Charles Menzie, SETAC Executive Director
In the 1970s, no forum existed for interdisciplinary communication among environmental scientists—biologists, chemists, toxicologists—as well as managers, engineers and others interested in environmental issues. The Society of Environmental Toxicology and Chemistry (SETAC) was founded in North America in 1979 to fill this void. That small group has grown to 5,200 members across 91 countries with an extended network of more than 12,500 professionals (based on the SETAC Globe subscriptions). Collectively these individuals contribute to SETAC’s vision of Environmental Quality Through Science®.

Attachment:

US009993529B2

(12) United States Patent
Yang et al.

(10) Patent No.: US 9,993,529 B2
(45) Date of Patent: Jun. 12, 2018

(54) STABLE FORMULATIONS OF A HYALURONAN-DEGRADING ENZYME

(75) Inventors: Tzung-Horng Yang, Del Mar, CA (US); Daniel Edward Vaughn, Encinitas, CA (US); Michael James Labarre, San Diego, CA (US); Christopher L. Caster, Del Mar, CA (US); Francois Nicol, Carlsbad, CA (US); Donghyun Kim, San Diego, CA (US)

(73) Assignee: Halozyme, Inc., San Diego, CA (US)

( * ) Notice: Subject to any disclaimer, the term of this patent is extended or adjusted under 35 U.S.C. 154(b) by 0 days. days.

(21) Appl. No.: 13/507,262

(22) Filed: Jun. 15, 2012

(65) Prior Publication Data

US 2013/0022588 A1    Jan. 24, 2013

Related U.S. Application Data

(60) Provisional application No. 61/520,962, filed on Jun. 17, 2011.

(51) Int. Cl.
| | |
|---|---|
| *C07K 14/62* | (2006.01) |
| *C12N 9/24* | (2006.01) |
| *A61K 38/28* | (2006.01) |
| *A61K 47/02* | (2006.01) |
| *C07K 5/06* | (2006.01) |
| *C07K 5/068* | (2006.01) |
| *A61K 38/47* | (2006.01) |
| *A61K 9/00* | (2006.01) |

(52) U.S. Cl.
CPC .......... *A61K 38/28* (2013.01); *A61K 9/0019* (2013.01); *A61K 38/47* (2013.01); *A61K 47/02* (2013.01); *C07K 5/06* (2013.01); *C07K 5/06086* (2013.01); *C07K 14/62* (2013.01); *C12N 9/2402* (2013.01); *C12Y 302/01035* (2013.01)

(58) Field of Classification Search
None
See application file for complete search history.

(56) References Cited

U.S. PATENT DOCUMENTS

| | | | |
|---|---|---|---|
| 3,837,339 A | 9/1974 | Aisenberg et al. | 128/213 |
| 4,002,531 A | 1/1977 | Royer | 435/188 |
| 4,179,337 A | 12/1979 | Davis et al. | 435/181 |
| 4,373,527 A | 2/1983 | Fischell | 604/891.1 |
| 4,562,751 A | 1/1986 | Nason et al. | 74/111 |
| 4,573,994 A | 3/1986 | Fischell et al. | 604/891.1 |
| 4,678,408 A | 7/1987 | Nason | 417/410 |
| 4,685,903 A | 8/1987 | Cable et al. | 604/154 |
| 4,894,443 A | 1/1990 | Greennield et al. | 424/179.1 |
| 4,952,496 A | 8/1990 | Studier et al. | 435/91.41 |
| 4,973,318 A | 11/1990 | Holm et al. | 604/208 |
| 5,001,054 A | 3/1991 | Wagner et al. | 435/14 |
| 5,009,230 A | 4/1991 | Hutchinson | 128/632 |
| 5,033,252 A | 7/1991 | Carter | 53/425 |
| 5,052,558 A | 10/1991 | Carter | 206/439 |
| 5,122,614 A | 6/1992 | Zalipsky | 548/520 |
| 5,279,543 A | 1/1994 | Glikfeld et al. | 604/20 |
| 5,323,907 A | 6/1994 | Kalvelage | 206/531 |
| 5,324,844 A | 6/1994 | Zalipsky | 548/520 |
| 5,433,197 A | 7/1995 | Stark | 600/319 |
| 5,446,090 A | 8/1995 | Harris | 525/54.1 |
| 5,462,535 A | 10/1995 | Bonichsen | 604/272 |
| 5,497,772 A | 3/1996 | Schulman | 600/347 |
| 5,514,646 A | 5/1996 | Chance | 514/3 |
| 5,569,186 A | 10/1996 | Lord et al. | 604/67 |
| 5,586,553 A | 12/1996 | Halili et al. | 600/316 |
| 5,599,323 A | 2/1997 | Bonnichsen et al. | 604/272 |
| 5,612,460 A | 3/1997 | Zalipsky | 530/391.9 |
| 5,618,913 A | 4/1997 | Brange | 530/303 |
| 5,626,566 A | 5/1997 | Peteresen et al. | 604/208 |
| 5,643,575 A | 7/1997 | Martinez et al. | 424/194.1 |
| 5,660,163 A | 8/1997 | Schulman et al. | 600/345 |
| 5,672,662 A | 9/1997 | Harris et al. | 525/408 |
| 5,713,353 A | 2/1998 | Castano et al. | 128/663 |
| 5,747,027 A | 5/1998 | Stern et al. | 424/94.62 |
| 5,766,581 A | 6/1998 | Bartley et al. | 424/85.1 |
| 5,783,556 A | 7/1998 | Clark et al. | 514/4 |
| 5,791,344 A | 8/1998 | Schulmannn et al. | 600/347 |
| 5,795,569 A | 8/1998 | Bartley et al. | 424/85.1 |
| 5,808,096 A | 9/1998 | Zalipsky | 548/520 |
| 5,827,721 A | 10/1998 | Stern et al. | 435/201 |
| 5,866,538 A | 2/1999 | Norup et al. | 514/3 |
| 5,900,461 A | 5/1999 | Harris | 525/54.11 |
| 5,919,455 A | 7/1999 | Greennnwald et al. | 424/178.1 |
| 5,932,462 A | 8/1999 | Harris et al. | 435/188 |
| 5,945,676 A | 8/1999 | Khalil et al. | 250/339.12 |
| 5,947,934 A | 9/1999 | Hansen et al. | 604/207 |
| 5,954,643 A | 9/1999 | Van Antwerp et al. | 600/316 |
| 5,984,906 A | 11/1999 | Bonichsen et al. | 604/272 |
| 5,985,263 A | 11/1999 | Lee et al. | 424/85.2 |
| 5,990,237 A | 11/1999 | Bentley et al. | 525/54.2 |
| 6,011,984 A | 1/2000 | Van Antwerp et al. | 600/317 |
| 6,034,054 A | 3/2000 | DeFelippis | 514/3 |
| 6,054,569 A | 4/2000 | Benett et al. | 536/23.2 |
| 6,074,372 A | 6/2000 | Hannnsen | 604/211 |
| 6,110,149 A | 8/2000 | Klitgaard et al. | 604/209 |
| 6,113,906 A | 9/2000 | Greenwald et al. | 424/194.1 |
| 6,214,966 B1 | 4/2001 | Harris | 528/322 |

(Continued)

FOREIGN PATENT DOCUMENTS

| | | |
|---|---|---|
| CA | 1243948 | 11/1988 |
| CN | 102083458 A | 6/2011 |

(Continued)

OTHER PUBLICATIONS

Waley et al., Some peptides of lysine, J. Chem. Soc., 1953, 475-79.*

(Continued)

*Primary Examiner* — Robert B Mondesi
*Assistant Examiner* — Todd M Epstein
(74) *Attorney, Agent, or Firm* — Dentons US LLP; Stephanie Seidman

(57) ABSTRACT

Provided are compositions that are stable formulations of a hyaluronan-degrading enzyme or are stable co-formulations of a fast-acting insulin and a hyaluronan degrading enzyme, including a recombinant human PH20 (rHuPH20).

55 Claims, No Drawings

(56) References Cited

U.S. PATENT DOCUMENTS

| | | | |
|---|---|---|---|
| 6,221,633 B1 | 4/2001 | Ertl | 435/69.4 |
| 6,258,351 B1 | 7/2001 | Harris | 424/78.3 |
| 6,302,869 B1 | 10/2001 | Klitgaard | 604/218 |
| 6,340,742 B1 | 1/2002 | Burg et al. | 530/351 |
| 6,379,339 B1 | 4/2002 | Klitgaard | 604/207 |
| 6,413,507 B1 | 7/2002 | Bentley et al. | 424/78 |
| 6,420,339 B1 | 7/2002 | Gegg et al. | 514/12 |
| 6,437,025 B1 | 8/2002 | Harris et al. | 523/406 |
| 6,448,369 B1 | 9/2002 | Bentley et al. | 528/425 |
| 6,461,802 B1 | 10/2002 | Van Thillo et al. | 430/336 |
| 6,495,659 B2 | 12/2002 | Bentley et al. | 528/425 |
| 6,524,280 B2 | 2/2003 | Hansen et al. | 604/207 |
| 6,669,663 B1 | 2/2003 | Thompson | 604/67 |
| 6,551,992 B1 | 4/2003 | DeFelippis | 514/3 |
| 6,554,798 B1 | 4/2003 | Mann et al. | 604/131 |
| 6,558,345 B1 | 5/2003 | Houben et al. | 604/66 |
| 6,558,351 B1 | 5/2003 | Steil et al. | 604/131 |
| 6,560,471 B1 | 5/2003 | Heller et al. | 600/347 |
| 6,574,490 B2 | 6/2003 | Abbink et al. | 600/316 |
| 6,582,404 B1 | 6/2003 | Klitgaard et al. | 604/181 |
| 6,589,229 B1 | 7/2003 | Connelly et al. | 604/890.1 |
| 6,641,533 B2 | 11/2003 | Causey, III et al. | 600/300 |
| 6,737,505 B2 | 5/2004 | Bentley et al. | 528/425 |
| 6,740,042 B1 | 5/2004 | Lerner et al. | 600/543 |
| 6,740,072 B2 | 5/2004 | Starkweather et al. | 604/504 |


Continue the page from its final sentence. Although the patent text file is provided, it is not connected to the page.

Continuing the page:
As we celebrate our 40th anniversary in 2019, we are not an old “mature” society settling into comfortable ways. Instead, SETAC is a society that continues to awaken awareness, engagement and action around the world. SETAC continues to dawn and that is a great metaphor for a uniquely global professional society. The photos included with this article capture dawn over some of the great cities and countries where SETAC held meetings in 2018. We have become a global society by recognizing the importance of global communication and exchange among scientists, by a desire to help make a difference in the condition of our planet, by our emphasis on volunteerism, and often by the notion of passing and paying things forward. Our global interactions and attributes, such as acceptance, careful listening, empowerment, inclusivity and mentoring, have become part of our SETAC culture. The millions of interactions that occur among SETAC members and larger networks are the connection that helps us orient us toward SETAC’s mission: To support and facilitate the development of principles and practices for protection, enhancement, and management of sustainable environmental quality and ecosystem integrity.